The Hurricane Patricia Debacle: Politics, not Science, Drove Predictions

What happened with Hurricane Patricia is a classic example of misinformation and false assumptions, all supported by supposedly credible scientific authorities.

A good illustration is revealed in Samantha Larson’s article, “How Hurricane Patricia Grew Into a Record-Breaking Storm,” published on the social activist Website, ATT:

While Hurricane Patricia may have been more influenced by El Niño than climate change, scientists fear that in the future the two phenomena could build on top of each other. Global warming means warmer sea surface temperatures, whether it’s an El Niño year or not.

Larson cited Michael Mann, a climate researcher at Penn State University, who told the Washington Post:

As ocean temperatures continue to warm [sic] as a result of human-caused climate change, we expect hurricanes to intensify, and we expect to cross new thresholds. Hurricane Patricia and her unprecedented 200 mile-per-hour sustained winds, appears to be one of them now, unfortunately.

It is important to recall that Mann is the scientist who produced the now discredited “hockey stick” graph that literally rewrote history by claiming the Medieval Warm Period from 900 to 1300 AD did not occur. It was apparently done to support the false claim that temperatures are higher today than ever before. A revealing expose is laid out well in Mark Steyn’s new book A Disgrace To The Profession: The World's Scientists - In Their Own Words - On Michael E Mann, His Hockey Stick And Their Damage To Science.

Regardless, note the use of the words, "may," "could" and "appears to be" when Mann and Larson speak about fears for the future. They are clearly just speculating since no one knows the degree to which Patricia was influenced by El Nino or what the future trend of hurricanes will be. Climate activists do this all the time in an attempt to make a link between global warming, supposedly caused by carbon dioxide emissions from human activities, and tropical cyclones such as Patricia.

But it is unsubstantiated propaganda.

In 2012 the United Nations Intergovernmental Panel on Climate Change (IPCC) said that a relationship between global warming and wildfires, rainfall, storms, hurricanes, and other extreme weather events has not been demonstrated. In their latest assessment report (2013), IPCC scientists concluded that they had only “low confidence” that “damaging increases will occur in either drought or tropical cyclone activity” as a result of global warming.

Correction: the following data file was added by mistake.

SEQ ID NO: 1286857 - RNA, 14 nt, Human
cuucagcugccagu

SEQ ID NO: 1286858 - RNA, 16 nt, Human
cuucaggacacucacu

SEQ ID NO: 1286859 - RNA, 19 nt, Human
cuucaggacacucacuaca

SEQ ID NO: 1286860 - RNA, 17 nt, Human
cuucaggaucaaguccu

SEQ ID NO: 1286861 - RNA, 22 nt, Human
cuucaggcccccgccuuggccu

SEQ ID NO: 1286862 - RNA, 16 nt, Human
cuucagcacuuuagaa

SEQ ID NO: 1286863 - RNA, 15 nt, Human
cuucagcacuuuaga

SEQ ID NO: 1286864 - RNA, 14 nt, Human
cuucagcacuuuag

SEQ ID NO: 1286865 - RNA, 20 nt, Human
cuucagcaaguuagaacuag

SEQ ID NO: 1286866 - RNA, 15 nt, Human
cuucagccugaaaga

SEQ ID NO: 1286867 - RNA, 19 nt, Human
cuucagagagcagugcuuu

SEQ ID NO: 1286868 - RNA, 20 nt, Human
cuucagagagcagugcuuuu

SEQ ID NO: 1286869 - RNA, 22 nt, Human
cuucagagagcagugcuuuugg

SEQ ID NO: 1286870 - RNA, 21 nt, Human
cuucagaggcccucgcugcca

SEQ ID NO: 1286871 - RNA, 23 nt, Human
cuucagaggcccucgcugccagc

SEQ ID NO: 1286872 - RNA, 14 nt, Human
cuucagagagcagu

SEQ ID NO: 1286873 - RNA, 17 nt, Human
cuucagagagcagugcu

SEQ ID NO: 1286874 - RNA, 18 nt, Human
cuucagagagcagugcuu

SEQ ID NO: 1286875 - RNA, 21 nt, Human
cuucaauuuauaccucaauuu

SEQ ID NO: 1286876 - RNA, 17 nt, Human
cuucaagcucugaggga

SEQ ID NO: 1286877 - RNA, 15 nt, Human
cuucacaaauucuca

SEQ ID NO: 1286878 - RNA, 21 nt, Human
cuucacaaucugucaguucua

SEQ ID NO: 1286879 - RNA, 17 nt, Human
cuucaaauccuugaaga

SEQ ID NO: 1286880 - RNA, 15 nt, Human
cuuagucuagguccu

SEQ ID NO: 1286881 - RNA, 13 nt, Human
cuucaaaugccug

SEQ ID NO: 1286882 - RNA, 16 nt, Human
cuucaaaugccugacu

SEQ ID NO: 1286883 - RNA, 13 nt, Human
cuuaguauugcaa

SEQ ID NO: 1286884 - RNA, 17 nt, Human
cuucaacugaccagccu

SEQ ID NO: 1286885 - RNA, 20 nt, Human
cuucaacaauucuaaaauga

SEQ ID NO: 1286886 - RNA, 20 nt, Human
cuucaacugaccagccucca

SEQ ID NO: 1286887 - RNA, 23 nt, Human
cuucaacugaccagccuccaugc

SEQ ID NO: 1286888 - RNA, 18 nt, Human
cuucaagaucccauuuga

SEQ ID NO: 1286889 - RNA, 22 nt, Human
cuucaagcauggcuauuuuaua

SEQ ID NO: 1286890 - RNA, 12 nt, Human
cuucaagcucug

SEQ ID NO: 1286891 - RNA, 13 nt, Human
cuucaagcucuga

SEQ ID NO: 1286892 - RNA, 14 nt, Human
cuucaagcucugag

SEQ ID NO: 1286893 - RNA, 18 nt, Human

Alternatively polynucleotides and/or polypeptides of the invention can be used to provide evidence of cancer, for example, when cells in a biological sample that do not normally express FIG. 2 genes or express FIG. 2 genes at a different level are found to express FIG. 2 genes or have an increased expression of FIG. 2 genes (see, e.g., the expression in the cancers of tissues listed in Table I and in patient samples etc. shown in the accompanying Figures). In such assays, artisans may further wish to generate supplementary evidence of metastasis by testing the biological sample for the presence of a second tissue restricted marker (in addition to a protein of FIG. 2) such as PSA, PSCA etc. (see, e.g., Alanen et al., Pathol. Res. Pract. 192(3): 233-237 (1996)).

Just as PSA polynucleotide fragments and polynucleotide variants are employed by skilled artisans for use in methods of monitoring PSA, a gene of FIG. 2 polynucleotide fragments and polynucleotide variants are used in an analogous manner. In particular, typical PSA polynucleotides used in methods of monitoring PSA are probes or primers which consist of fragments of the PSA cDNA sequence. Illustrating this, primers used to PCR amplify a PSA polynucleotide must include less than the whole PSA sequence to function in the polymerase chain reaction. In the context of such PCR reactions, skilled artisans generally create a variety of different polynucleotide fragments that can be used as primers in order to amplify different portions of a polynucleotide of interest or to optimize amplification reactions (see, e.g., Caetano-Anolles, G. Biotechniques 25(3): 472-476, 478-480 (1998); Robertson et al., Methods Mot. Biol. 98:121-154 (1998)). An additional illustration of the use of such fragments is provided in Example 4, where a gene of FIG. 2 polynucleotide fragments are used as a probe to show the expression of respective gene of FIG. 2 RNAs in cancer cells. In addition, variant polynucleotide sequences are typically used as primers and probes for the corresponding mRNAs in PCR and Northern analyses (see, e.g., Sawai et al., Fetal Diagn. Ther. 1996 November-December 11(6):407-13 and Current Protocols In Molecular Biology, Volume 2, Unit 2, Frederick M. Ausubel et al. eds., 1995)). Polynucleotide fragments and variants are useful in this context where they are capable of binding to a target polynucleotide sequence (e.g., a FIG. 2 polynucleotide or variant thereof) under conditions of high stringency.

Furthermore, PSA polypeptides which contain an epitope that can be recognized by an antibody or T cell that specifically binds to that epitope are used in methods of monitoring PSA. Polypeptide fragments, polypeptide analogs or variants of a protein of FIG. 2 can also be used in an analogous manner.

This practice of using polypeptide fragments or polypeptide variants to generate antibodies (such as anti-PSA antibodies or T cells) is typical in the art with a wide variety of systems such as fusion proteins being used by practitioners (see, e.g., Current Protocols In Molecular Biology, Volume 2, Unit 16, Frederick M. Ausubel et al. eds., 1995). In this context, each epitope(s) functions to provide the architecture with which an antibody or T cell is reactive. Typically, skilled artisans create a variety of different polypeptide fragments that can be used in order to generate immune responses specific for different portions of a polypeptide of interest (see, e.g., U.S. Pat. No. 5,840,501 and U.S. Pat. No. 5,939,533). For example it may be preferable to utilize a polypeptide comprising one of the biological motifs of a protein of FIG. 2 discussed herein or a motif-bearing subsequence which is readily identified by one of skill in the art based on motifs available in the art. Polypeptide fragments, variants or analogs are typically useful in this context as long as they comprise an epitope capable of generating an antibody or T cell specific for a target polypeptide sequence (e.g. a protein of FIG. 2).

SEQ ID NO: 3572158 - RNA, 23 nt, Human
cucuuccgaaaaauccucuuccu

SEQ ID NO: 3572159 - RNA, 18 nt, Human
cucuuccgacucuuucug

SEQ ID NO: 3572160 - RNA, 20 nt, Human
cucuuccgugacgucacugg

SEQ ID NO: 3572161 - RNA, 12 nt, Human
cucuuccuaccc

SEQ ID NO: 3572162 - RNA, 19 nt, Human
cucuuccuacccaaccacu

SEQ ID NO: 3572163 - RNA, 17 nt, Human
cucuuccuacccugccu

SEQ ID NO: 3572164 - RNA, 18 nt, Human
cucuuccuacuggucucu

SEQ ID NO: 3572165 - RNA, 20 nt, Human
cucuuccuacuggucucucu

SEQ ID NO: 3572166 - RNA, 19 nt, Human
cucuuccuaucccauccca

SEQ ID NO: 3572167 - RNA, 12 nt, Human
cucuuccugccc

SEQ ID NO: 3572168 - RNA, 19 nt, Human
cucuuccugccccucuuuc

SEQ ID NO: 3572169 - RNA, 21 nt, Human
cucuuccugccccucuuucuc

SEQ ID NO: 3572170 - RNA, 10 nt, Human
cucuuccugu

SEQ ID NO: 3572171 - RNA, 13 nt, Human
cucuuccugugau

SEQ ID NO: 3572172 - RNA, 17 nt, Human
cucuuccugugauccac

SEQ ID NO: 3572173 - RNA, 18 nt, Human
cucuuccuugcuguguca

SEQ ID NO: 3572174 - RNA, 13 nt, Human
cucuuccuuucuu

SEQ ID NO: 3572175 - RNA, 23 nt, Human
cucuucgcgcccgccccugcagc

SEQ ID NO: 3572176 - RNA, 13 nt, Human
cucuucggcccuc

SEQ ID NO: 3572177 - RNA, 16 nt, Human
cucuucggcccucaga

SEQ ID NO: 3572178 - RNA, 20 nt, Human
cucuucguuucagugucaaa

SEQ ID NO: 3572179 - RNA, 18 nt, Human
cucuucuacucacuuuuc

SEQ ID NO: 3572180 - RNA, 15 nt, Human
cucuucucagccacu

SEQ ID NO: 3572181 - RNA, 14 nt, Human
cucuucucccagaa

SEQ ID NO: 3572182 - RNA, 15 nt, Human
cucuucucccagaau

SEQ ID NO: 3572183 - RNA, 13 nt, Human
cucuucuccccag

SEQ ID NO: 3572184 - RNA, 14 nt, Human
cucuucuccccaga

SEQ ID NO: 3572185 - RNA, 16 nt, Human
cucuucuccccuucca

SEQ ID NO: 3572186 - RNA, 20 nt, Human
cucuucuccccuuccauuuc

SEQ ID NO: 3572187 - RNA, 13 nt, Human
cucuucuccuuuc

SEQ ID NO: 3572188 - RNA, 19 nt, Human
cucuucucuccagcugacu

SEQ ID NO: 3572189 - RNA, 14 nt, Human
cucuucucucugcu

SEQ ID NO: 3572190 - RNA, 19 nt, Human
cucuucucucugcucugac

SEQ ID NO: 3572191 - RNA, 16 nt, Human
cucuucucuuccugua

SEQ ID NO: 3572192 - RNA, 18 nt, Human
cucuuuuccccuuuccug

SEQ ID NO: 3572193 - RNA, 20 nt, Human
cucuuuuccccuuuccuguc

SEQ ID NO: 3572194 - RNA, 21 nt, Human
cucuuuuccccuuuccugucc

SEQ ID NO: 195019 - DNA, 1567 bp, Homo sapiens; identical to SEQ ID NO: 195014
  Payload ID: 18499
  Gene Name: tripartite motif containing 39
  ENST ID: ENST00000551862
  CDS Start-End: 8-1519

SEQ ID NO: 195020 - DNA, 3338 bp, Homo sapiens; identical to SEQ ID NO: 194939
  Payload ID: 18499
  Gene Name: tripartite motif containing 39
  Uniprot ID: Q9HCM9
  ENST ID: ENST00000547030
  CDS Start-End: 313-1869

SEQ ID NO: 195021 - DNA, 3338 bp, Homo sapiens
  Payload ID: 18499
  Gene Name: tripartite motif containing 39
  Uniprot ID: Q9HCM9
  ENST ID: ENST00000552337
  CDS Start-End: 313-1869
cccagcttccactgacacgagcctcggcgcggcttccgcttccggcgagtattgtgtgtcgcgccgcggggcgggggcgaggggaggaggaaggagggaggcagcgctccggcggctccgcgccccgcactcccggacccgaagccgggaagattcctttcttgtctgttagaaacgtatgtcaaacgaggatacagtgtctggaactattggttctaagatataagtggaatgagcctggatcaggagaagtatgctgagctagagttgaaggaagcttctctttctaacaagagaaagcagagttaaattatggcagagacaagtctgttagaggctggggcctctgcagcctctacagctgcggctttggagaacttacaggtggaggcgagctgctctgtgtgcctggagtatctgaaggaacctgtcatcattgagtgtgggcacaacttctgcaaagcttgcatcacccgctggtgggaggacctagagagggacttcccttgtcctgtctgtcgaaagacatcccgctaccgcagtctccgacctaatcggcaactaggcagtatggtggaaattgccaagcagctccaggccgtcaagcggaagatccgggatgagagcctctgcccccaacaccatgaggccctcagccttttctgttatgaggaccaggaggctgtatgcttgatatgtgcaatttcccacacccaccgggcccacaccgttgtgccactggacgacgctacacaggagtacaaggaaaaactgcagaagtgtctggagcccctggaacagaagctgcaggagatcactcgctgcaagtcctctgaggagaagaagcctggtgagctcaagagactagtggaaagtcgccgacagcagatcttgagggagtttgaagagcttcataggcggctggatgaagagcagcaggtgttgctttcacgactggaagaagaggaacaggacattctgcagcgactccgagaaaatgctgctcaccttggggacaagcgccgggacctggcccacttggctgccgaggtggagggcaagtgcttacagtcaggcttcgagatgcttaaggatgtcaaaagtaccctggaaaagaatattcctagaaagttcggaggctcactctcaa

The 2013 report of the Nongovernmental International Panel on Climate Change (NIPCC) concluded the same, asserting that “in no case has a convincing relationship been established between warming over the past 100 years and increases in any of these extreme events.”

Global warming can mean warmer sea surface temperatures, of course, and that is one of the many factors that work to intensify tropical cyclones. But there has been no global warming for over 19 years. Besides, there are no surface temperature stations for most of the oceans, the regions where tropical cyclones start, that cover about 70% of the Earth’s surface.

In assessing Mann's expectation that hurricanes will intensify, it is important to recognize that such forecasts were also made decades ago, but, as illustrated in Figure 1, it has not come about despite modest warming during this period.

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IPCC supporters respond that global warming will soon take off like a rocket, causing more, and more intense, tropical cyclones, dooming us all. But, again, we need to consider how IPCC forecasts have fared to date. The comparison between predictions and reality shown in Figure 2 does not inspire confidence.

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